Arguably one of the richest legacies in automotive history is that of the Corvette Sting Ray or Stingray—your preference for which model years are your favorite. America’s first true sports car is one of America’s longest-running models.
In the beginning, the Corvette Stingray was a privately funded concept car that formed a basis for the second-generation Corvette Sting Ray (1963-’67). General Motors’ designer Harley Earl is widely credited with inventing the concept car and through the Motorama, the mobile traveling show of the ’50s, made these cars immensely popular.
The Stingray racer-concept car was designed in 1957 by GM designers Pete Brock, Bill Mitchell (GM’s vice president of styling), and Larry Shinoda. The basis of the Sting Ray was the ’57 Corvette SS, an engineering test mule chassis used in the Chevrolet race effort at the 24 Hours of Le Mans. After the Automobile Manufacturers Association banned manufacturer-sponsored racing, the SS was relegated to putting in the laps around a test track.
When the first Sting Ray appeared on the covers of many car magazine back in the day everyone knew it was something special. Corvettes had always enjoyed healthy doses of performance from hot rodders but they were also favorites among customizers. The Sting Ray with its “stinger” rear window (while restricting rear vision) was popular; it was also popular to remove the “stinger” after the ’64 Sting Ray debuted with its factory “de-stinger” design.
Hot rodders immediately responded to the “split-window” as a true street and track performance car. At the time, Corvette Chief Engineer Zora Arkus-Duntov was a huge proponent of performance via the engine and the suspension. Leading the way to the more powerful fuel-injected 327-inch small-block and the fully independent suspension.
And that brings us to Larry Olson of Sioux Falls, South Dakota, and his 1963 Corvette split-window. Larry calls himself “a farmer” and while many of us have known plenty of farmers with fast cars, Larry must get to the end of his row of corn long before any of the others.
Larry has owned hot rods since 1972, with his first car a $300 ’32 Ford that he brought back to hot rod life. After sitting down with Bobby Alloway of Alloway’s Hot Rod Shop in Louisville, Tennessee, the idea was hatched to design and build the ultimate in ’63 Sting Rays. As you walk up to the front of the Vette you immediately recognize a ’67 big-block hood with its “stinger.” (Apparently, the air cleaner on the big-block didn’t fit below the hood line so Corvette designers and engineers came up with a popular design element that supplied the required mechanical function.) We now have a Sting Ray with the stinger appearance from both the front and back. The remaining fiberglass is a stock body second-generation Corvette sprayed in PPG black with red accent on the hood.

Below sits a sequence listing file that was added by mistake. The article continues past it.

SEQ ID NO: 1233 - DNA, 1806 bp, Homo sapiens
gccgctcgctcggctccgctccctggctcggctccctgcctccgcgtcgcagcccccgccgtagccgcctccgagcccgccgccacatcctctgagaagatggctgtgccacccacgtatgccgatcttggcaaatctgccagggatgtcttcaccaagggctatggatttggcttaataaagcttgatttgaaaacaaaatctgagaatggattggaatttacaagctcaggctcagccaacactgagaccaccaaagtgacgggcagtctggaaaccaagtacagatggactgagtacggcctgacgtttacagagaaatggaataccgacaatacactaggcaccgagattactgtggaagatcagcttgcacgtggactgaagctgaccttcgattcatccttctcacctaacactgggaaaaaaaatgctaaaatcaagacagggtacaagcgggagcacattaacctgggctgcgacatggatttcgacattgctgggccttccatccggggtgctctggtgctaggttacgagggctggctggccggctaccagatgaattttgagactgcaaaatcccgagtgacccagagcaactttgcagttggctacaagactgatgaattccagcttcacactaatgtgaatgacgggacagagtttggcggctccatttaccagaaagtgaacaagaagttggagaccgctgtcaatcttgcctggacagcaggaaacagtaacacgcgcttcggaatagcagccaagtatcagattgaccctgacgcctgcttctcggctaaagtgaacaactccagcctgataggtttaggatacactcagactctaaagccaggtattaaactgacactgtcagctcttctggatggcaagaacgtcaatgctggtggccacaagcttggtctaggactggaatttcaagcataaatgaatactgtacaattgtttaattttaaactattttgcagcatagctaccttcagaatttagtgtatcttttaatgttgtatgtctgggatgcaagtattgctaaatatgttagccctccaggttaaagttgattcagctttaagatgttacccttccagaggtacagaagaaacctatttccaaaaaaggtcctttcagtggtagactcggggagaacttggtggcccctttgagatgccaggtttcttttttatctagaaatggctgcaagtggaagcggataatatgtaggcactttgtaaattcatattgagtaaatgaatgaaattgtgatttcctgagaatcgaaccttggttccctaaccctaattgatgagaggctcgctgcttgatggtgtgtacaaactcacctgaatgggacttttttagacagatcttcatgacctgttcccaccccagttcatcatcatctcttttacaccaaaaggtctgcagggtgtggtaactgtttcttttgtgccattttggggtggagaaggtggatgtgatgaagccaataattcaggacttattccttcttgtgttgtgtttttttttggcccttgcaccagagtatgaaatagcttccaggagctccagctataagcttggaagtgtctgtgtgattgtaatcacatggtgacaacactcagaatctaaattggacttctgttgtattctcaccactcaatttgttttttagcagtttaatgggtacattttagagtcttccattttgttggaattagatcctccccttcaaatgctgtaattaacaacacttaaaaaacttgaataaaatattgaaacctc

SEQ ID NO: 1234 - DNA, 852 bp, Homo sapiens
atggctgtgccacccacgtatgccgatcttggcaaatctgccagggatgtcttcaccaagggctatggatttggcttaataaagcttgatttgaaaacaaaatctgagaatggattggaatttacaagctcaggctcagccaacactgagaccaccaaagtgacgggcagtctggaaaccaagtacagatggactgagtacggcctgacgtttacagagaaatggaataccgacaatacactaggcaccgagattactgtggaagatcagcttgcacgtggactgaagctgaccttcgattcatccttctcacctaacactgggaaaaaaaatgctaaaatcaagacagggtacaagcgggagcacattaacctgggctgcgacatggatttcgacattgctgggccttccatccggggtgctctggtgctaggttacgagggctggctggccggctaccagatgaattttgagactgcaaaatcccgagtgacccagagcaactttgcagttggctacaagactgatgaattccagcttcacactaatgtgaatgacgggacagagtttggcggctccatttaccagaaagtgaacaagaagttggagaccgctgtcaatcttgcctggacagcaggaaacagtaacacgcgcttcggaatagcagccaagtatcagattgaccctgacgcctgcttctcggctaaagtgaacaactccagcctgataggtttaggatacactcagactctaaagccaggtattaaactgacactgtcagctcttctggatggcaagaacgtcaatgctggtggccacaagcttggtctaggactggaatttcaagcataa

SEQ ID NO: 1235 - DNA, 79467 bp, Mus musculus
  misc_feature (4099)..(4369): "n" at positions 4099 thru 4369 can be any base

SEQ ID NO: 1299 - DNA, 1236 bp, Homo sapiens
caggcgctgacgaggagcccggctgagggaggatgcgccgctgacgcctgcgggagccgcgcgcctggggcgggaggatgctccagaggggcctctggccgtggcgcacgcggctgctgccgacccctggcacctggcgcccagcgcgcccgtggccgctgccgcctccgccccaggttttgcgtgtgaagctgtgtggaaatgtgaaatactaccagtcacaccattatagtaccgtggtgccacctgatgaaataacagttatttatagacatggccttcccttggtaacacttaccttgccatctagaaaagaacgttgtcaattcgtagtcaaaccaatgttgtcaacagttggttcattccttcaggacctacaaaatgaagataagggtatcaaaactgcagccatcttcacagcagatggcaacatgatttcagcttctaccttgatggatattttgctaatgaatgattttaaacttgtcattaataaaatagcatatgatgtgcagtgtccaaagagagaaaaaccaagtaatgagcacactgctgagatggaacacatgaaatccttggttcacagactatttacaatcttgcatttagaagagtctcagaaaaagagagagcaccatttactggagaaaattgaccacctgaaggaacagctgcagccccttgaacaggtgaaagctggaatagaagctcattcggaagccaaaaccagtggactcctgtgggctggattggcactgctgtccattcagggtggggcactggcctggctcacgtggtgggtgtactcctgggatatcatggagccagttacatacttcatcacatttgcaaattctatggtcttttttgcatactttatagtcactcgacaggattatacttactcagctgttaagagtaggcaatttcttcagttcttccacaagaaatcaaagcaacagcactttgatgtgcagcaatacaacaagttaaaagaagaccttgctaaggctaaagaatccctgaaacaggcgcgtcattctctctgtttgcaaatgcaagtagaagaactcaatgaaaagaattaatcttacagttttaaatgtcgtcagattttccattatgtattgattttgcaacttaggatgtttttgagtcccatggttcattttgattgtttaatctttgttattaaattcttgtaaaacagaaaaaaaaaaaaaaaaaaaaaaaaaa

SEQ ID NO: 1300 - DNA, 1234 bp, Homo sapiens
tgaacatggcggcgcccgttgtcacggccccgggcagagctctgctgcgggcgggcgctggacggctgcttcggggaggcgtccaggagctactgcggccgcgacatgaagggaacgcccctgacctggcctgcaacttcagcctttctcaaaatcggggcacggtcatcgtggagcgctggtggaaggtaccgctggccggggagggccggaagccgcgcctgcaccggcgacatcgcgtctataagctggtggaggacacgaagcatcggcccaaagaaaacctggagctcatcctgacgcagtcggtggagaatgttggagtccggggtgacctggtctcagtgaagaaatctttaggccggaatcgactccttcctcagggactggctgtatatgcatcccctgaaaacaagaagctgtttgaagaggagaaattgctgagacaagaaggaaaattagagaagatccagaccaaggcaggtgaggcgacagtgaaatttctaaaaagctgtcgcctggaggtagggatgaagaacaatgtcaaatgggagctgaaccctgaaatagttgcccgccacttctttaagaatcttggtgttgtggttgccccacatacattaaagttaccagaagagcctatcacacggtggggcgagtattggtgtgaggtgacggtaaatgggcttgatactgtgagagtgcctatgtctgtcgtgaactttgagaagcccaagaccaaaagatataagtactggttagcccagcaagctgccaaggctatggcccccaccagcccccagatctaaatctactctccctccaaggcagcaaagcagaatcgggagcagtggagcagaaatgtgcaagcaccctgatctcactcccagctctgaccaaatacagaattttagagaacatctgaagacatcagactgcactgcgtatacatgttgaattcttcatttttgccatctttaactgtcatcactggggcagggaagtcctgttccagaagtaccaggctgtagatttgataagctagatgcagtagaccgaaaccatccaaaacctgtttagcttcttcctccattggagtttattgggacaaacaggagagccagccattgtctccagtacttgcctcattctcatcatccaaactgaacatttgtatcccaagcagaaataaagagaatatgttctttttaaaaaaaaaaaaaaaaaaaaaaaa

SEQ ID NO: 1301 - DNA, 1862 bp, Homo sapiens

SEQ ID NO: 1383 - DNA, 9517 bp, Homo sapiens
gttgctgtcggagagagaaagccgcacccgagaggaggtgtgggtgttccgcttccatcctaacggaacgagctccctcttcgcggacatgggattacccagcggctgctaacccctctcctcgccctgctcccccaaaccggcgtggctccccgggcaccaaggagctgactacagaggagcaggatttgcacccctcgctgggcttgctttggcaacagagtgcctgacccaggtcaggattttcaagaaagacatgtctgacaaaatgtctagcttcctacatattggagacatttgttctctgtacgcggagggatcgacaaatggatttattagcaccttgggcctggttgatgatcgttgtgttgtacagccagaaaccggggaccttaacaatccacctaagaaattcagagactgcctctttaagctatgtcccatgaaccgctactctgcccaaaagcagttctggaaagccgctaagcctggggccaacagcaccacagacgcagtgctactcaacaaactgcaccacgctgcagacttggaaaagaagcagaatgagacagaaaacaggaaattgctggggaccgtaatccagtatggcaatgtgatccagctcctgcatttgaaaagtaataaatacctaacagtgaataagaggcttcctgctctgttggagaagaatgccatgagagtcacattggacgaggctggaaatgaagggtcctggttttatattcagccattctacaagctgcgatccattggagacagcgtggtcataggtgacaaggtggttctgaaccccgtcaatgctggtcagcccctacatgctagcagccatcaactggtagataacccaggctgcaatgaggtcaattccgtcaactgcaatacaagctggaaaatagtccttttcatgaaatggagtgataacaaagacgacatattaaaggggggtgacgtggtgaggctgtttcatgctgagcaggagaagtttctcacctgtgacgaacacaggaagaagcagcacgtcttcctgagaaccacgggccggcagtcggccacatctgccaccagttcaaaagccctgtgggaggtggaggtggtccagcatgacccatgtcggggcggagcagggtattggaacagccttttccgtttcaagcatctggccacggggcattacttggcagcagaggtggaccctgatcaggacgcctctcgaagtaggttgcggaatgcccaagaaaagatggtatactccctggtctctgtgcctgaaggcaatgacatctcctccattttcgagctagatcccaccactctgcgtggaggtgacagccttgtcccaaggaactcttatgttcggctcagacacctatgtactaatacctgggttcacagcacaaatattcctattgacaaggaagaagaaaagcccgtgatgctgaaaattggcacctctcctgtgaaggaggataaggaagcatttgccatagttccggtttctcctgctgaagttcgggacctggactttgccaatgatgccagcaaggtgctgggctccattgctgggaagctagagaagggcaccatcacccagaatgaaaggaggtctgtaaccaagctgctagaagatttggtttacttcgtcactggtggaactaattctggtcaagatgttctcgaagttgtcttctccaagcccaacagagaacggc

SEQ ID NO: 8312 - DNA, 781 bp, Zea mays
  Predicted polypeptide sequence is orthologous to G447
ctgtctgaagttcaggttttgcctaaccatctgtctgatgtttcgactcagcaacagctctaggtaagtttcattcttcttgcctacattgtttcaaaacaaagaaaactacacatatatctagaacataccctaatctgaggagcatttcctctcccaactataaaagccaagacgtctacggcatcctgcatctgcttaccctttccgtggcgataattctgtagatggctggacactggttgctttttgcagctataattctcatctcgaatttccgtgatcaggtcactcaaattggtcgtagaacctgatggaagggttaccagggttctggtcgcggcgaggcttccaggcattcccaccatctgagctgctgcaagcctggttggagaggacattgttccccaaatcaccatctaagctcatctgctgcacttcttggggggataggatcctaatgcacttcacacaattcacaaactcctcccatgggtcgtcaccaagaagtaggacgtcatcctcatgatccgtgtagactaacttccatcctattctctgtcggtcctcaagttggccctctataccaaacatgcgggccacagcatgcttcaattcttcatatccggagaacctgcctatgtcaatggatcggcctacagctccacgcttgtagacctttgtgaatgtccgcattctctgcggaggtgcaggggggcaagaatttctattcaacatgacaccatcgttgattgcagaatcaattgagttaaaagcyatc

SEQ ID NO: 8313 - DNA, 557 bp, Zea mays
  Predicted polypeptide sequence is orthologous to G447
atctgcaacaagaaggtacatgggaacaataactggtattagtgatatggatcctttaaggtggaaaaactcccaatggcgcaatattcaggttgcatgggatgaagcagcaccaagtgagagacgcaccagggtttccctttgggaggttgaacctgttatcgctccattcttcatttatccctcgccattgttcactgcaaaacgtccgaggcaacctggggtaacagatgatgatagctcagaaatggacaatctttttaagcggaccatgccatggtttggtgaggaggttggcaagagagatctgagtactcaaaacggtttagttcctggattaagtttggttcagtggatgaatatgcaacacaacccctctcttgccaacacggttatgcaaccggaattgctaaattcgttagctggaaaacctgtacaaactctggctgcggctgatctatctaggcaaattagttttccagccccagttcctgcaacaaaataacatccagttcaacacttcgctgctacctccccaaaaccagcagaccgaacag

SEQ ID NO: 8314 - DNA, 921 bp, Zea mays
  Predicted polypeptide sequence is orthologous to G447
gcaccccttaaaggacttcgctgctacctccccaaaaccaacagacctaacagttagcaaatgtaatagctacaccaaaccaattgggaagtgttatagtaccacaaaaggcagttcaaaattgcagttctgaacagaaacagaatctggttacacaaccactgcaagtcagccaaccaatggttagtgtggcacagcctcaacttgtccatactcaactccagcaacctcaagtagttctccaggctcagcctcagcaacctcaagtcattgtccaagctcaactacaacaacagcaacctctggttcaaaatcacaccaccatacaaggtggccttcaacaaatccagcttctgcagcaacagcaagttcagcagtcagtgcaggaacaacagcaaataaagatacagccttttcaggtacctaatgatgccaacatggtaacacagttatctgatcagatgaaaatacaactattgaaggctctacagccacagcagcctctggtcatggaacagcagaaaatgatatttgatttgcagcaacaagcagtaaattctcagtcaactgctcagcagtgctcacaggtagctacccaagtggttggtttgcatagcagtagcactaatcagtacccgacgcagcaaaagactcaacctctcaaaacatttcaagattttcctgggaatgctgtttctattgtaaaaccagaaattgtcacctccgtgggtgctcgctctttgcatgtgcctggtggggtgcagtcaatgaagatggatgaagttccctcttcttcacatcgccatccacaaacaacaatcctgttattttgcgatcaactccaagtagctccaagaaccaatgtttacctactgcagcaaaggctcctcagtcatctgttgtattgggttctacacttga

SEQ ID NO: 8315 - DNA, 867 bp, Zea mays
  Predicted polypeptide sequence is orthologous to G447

There are two major focal points on this ’63: the engine and the chassis. While a big-block Chevy isn’t unique, hot rodders everywhere are fascinated when they see one stuffed under the hood.
Larry’s big-block Chevy is based on a 502-inch V-8 modified by Mylon Keasler of Keasler Racing and Machine. What makes this Chevy different is the Rochester-looking “big-box” injector that GM didn’t make. The mechanical Rochester was intended for the 327 and not for the big-block, which didn’t come around until mid-year in 1965. The big-box injector was fabricated by Keasler based on one of their intake manifolds. Upon closer inspection you see that what was once the Rochester air horn is now the throttle body. Within the newly fabricated plenum the modern EFI components are hidden.
Other engine components include the following: COMP Cams camshaft, MSD control module and distributor with the factory-appearing ignition interference shroud, and PML valve covers. A Steve Long radiator cools this potent big-bock, making it a downtown cruiser. Barillaro Speed Emporium headers coupled to Flowmaster Model 44 mufflers (that deep throated sound!) provide the necessary exhaust.
The chassis is an Art Morrison Enterprises, of Fife, Washington, proprietary system utilizing their own IFS front suspension along with triangulated four-bar rear suspension that incorporates Strange Engineering adjustable coilover shocks on all four corners, giving enhanced traction control and maximum lateral stability. Keisler Engineering (not to be confused with Keasler Racing) supplied the Tremec TKO five-speed that ushers the power back to the Ford 9-inch rearend that has 4.56 gears, Strange axles and coilover shocks, and a Baer disc brake package, which includes 14-inch drilled and slotted rotors.
Inside, the first reaction is a nicely done stock interior, and while the impression is to make you believe it is stock there are a handful of changes enhancing the interior’s appearance and function. The factory gauges were reworked and modernized by Classic Instruments. They reworked the gauge faces by changing color, indicator needles, and placed the Alloway’s Hot Rod Shop logo on the faces. Modern air conditioning from Vintage Air is now in place, along with lots of Dynamat to arrest unwanted heat and sound from infiltrating into the interior. The stock seating, reworked door panels, and carpeting was redone by Steve Holcomb of Pro Auto Custom Interiors, who used red leather and Daytona weave wool carpeting.
Should you ever find yourself out on a farm and notice this split-window make sure to say “hello” to Larry. Odds are he will be the fastest farmer you have ever seen.